- The book of Acts has at least 84 known historical eyewitness facts that have been confirmed by archaeological findings and historical writings. This includes Luke’s mentioning obscure rulers correctly, weather patterns are stated correctly, and ship soundings off the coast of Malta today match closely the measurements Luke states in Acts 27 before the shipwreck.
- The gospel of John states at least 59 historically confirmed or probable eyewitness details such as how many years it took to build the temple [John 2:20], the pool of Bethesda and its five porches [John 5:2], and the sea of Galilee also being called the sea of Tiberias [John 6:1].
- More than 30 people known to have existed before 70 AD as verified in secular sources and archaeological finds are named in the writings of the NT, including Caiaphas whose burial box was found years ago and Pontius Pilate whose name appears in the ruins of ancient Caesarea as being the “Prefect of Judea.”
- Details about crucifixion in the 1st century as mentioned in the NT have also been verified by archaeological finds.
Since the NT has proven itself extremely accurate about the most obscure and minute details about the 1st century, then it can obviously be trusted on the big things like all of the miracles that occurred, the moral standards it upholds, and the claims it makes on who Jesus is.
When you read the NT it is obvious that everything that happened was not neat and tidy nor were most of the people mentioned on their best behavior, but what is written is brutally honest. According to Frank Turek, if a text mentions things that are embarrassing to the writer, it’s probably true. After all, why would a writer lie about themselves to put themselves in a negative light to others? And why would a writer take the chance of ruining their own reputation if they were trying to win converts to a self-serving, deceitful cause?
Yet in the text of the NT we see screw-ups, arguments, and scandalous accusations galore–including the following:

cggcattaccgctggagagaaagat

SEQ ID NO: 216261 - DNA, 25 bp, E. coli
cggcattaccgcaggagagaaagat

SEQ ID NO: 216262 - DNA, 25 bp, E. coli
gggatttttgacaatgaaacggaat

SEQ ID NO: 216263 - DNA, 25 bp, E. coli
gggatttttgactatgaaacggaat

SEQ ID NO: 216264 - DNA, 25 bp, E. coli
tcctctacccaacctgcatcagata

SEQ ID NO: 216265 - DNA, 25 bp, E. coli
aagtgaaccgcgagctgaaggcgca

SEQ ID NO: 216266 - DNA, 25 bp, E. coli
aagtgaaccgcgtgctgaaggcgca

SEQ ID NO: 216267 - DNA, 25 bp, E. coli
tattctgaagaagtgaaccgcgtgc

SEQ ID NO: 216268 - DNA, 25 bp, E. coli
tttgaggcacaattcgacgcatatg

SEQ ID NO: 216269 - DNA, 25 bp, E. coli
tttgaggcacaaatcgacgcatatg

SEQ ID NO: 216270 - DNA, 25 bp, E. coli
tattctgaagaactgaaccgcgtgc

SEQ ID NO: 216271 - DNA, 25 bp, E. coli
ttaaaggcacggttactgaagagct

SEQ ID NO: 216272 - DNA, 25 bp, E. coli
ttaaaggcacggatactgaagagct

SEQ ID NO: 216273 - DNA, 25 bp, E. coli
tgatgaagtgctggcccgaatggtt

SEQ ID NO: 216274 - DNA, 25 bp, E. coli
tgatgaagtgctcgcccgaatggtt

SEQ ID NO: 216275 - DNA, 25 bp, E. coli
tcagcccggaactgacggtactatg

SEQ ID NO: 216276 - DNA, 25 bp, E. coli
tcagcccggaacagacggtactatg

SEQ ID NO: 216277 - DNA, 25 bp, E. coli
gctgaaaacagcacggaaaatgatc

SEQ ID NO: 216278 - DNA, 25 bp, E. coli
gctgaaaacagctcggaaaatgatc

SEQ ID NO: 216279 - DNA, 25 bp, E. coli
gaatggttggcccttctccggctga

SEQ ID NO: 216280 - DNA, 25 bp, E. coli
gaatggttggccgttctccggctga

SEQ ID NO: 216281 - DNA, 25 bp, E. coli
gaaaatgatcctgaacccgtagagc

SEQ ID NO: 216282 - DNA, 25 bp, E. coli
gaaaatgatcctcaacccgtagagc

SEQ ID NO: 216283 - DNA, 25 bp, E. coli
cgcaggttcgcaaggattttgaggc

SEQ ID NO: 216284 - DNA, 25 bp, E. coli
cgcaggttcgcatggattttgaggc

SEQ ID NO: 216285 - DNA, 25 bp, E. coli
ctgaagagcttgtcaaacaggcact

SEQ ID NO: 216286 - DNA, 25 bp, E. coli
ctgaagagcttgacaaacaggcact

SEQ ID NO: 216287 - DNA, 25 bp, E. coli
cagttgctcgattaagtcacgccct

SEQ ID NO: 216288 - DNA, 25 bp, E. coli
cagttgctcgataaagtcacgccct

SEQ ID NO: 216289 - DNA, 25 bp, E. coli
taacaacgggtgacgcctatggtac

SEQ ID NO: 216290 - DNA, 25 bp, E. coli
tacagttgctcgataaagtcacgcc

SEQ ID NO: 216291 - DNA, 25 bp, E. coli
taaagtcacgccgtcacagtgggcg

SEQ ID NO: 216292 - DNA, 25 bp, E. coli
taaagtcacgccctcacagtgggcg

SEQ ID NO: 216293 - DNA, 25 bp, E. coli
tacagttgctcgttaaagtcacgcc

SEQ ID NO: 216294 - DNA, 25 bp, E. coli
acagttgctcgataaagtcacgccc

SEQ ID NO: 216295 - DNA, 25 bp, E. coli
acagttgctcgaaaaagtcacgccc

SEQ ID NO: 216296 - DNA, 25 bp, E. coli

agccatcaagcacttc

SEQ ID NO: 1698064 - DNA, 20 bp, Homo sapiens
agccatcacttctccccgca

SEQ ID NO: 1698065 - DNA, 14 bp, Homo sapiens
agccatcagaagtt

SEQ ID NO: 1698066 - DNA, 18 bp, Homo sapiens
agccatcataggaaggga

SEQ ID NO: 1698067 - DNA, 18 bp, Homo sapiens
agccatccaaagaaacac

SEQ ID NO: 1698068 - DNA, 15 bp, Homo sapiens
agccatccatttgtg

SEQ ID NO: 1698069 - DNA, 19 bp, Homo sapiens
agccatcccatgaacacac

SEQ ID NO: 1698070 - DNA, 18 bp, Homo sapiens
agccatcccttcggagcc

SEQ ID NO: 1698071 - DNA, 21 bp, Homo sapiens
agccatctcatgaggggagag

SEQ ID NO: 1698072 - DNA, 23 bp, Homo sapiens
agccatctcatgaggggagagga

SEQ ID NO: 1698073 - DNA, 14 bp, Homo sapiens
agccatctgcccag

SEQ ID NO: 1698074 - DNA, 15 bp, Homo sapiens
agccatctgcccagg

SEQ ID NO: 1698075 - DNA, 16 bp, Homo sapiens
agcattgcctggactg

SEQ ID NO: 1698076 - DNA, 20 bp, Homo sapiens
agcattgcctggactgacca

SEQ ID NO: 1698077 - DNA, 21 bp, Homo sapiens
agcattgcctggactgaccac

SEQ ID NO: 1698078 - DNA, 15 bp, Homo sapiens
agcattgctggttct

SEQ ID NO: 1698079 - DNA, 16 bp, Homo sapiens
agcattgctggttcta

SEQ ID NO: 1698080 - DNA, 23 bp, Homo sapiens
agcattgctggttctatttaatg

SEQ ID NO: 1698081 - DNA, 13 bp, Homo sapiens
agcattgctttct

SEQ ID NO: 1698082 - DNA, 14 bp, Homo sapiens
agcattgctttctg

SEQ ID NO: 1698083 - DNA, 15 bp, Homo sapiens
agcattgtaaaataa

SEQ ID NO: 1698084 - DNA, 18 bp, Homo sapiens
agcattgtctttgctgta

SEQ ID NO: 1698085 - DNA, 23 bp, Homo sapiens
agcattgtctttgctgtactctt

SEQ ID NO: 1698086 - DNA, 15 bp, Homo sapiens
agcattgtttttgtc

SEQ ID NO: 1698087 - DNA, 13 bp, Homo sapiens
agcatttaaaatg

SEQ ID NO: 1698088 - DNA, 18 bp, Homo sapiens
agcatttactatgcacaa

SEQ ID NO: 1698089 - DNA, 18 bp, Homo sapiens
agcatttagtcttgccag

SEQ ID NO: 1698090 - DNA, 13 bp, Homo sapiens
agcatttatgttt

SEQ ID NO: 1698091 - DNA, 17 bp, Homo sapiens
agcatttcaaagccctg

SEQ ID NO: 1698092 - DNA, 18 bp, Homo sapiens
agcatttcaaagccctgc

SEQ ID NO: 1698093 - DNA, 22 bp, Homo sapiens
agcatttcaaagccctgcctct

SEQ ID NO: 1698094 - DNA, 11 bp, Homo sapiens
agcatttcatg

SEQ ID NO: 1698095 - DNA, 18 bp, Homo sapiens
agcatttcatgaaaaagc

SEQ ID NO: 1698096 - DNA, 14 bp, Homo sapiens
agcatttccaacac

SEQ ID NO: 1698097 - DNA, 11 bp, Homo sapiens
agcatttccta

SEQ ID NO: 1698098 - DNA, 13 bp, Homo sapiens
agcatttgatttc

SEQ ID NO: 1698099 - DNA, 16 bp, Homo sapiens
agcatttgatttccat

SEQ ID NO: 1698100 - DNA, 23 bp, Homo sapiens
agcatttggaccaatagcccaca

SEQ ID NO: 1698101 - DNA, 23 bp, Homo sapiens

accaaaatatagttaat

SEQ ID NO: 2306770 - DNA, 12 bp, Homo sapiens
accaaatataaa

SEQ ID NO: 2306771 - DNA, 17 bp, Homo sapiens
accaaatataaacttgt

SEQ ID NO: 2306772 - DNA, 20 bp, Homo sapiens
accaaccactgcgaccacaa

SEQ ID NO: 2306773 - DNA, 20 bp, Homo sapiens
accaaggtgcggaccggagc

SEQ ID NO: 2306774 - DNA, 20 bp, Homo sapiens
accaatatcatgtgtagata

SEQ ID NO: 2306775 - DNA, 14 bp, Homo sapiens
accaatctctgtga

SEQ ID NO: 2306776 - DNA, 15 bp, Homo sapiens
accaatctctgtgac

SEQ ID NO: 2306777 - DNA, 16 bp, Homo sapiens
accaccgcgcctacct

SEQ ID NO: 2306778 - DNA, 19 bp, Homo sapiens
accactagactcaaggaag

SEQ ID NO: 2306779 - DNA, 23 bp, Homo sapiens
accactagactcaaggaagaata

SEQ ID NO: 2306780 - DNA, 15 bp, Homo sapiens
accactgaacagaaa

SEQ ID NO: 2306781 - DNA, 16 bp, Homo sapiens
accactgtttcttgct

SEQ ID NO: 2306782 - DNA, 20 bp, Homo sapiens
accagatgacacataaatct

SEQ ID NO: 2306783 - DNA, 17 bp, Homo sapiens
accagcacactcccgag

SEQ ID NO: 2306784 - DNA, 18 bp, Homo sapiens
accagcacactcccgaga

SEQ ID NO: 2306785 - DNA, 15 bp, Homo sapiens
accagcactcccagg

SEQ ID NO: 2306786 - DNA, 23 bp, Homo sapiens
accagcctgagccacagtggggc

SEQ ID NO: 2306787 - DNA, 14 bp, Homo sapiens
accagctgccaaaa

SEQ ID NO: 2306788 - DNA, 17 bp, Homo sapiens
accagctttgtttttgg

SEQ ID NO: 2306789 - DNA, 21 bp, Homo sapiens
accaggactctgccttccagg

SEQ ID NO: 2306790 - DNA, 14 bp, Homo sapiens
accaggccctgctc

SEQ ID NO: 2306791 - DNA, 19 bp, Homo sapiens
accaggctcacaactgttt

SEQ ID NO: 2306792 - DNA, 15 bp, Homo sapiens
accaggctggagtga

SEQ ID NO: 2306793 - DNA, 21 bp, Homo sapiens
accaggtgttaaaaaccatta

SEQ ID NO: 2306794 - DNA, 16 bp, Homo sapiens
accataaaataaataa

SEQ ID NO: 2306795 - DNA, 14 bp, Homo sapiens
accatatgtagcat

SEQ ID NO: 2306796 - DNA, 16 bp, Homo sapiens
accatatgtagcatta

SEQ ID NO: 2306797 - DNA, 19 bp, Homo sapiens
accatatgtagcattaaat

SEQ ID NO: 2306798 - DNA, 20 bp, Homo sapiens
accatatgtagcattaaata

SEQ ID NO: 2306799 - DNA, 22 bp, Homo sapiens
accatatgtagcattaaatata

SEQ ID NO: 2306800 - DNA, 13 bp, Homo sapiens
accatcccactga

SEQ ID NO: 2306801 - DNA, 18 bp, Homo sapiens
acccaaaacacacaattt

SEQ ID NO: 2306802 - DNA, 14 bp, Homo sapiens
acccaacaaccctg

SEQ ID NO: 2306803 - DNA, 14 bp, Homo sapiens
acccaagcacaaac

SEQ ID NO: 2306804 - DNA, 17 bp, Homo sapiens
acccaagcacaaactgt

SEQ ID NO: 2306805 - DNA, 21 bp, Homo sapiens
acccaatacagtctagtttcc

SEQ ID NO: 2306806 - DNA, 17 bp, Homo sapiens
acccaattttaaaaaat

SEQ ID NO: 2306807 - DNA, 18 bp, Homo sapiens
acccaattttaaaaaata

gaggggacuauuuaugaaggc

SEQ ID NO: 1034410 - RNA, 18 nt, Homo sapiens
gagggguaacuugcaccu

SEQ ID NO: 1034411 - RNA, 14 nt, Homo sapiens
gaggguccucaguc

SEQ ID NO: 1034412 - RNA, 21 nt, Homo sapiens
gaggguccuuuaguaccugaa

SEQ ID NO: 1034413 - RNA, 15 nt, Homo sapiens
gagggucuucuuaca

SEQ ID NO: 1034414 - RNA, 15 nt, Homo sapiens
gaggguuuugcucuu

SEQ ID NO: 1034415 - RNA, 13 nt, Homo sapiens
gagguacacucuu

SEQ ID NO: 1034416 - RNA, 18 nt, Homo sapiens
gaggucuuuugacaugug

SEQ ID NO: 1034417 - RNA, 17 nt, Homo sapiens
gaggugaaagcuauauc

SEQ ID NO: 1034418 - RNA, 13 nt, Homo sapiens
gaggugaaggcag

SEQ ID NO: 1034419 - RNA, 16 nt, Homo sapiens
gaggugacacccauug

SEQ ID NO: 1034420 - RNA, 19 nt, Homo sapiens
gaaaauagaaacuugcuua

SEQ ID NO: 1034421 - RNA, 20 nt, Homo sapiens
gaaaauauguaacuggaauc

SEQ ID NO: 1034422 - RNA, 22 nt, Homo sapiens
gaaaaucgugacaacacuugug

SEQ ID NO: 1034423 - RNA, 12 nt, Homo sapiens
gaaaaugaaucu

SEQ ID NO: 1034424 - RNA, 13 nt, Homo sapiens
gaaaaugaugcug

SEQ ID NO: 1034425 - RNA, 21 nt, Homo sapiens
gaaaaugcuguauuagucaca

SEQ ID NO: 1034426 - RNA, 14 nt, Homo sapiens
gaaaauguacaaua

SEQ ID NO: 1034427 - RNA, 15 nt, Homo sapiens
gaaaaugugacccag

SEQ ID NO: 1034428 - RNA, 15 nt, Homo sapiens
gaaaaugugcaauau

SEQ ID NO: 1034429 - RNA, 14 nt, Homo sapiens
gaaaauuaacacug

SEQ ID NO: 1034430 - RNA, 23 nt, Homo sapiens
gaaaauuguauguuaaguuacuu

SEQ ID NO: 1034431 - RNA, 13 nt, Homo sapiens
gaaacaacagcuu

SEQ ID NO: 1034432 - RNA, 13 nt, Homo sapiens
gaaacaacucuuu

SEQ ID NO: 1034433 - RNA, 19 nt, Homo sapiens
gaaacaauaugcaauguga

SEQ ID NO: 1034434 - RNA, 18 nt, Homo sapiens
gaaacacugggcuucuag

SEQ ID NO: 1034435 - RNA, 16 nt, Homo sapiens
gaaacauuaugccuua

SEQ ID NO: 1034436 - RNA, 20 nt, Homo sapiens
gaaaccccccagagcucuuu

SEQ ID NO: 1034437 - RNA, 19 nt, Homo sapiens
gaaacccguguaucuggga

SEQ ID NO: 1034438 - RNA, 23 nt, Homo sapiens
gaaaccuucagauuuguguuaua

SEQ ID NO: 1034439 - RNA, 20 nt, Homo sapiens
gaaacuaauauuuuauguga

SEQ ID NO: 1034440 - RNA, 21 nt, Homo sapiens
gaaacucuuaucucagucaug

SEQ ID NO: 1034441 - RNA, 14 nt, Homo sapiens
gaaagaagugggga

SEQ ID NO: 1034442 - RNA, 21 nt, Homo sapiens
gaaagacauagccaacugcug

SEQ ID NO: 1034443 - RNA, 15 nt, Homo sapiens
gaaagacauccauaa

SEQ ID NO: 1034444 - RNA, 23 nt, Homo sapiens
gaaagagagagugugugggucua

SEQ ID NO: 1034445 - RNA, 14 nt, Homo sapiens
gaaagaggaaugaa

- The disciples of Jesus were slow learners. Jesus had to repeat things over and over because they often didn’t get what he was telling them.
- The disciples were uncaring. They were mean to a group of little kids who wanted Jesus’ blessing, they fell asleep on Jesus twice when he asked them to pray with him, and they didn’t provide Jesus with a proper burial.
- The disciples were rebuked. Peter was called Satan by Jesus and Paul rebuked Peter in Galatians for Peter’s hypocrisy when he liked the Gentiles he was with one minute, but didn’t want to be seen with them in public the next. If Jesus and his followers were trying to conjure up a new religion, they could have easily made things up as they went along to accommodate everyone’s opinions instead of arguing.
- The disciples were cowards. Peter denied Christ three times, the disciples hid when Jesus was arrested, and the women turned out to be the brave ones who went to the empty tomb first and were the first ones to spread the news Jesus had risen from the dead. Usually men are quick to write their brave heroic exploits, but what man would make up a new religion and expect a large following if he tells how cowardly he and his associates are? So the accounts in the gospels must be true.
- The disciples were doubters. Even after a resurrected Jesus physically appears, some of them still weren’t sure he had risen.
- Jesus’ family members thought he lost his mind.
- His own followers deserted him when he taught them about figuratively eating his flesh and drinking his blood.
- His half-brothers didn’t believe in him.
- Jesus was thought to be a deceiver by his detractors.
- Jesus made the Jews so angry that they wanted to throw him off a cliff one time and wanted to stone him another time.
- Jesus was accused of being demon-possessed.
- He was crucified on a wooden cross, which to Jews is God’s curse.
If someone wanted to create a popular religion to make people feel good so they could have lots and lots of followers, these things would have never been mentioned. They were mentioned because they actually happened and since they actually happened, it is obvious the NT is telling us the truth since everything in it is the truth. Since it is the truth, Jesus is Lord, just like the NT says and he is the only one who saves, just like it says.
Source: Frank Turek, “I Don’t Have Enough Faith To Be An Atheist,” NRB Network broadcast, 12/28/09.
–posted by Harry A. Gaylord–